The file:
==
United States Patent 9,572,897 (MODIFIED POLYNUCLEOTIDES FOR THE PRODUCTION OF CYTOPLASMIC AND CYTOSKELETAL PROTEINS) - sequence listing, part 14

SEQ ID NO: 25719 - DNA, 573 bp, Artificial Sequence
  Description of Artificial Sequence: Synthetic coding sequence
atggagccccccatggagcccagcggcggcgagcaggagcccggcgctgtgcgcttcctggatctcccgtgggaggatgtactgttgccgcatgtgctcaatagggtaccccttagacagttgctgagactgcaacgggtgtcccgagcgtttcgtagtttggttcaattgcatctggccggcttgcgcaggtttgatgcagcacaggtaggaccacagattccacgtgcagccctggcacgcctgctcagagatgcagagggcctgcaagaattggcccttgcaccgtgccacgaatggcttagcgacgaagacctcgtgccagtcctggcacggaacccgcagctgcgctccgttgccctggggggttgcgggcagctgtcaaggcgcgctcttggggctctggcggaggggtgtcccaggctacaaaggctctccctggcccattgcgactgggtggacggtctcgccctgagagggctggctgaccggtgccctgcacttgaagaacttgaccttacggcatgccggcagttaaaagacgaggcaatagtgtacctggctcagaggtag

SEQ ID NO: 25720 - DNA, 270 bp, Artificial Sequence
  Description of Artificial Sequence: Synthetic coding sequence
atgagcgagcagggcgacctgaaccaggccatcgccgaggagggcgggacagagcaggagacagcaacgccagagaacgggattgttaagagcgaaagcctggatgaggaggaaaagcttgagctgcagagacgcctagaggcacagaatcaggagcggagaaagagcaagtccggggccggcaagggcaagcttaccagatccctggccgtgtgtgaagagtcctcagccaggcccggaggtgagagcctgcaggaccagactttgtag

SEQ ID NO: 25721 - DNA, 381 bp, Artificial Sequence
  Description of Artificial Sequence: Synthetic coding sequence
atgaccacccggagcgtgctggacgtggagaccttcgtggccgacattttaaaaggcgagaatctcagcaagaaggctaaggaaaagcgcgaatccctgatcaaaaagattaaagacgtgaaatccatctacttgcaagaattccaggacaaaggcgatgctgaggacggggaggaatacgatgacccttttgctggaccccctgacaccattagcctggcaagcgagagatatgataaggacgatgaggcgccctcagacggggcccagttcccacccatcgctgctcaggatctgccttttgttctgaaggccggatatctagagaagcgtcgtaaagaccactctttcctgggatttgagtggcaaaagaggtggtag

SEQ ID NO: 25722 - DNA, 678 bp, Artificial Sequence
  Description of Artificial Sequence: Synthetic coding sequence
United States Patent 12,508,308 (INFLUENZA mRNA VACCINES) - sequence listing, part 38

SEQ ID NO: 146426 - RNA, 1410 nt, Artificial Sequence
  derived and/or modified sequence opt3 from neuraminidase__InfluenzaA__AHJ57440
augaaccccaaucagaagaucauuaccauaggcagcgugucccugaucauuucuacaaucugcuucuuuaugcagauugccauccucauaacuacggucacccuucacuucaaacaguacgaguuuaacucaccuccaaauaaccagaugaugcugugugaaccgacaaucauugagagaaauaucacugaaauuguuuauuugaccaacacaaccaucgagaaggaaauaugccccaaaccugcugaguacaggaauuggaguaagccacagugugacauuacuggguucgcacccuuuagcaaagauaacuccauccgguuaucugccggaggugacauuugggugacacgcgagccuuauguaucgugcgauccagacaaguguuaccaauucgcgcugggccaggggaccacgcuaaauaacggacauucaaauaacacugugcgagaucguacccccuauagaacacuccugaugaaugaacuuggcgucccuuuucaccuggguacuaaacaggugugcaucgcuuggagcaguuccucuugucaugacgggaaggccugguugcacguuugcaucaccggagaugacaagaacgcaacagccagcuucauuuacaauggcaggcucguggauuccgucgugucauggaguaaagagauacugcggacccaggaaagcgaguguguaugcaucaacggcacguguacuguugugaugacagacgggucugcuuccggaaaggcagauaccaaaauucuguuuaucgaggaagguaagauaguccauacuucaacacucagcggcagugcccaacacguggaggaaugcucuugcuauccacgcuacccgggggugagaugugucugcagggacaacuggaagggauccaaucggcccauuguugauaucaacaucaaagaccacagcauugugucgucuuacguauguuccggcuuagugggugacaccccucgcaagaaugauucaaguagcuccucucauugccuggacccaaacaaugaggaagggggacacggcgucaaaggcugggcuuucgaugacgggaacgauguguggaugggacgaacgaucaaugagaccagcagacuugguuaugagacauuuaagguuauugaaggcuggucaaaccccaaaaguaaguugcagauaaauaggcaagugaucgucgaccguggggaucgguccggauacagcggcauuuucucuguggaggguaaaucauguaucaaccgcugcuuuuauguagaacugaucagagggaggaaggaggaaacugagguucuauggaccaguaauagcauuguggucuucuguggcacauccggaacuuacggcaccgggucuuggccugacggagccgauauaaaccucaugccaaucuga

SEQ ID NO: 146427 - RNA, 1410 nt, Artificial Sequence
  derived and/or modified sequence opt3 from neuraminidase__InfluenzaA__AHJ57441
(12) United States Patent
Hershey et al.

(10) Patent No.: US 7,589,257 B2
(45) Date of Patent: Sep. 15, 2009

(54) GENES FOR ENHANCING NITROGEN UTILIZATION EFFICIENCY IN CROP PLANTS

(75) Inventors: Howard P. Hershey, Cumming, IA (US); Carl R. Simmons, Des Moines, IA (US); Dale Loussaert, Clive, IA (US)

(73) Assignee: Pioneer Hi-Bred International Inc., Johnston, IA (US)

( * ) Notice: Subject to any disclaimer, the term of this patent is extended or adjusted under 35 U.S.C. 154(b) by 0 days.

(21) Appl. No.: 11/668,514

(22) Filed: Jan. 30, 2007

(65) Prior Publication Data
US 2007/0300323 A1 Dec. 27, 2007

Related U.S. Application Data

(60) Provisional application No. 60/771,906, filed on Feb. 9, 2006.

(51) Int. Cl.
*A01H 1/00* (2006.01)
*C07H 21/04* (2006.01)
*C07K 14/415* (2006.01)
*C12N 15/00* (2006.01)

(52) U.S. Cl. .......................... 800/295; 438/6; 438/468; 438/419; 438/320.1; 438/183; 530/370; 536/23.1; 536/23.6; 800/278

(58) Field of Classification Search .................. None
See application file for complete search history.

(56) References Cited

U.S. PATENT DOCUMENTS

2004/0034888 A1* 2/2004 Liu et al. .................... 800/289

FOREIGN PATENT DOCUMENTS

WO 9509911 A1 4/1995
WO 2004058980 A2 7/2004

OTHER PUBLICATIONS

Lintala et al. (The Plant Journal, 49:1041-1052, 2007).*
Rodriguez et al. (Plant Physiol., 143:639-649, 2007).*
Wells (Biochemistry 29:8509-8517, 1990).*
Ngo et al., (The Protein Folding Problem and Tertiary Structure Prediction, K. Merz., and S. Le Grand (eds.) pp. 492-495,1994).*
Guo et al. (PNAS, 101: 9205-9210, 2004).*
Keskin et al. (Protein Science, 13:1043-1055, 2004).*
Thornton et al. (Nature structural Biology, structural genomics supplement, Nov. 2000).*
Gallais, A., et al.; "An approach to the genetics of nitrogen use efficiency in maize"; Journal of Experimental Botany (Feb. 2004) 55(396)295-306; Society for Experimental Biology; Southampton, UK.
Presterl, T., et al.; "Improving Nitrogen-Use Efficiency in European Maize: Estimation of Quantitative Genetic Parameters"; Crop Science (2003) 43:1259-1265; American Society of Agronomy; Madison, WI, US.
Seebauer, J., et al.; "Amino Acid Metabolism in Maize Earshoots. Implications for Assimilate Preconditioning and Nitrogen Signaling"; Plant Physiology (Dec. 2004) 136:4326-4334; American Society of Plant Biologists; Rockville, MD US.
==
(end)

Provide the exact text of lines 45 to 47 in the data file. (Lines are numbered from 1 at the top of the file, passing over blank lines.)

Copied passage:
WO 9509911 A1 4/1995
WO 2004058980 A2 7/2004

OTHER PUBLICATIONS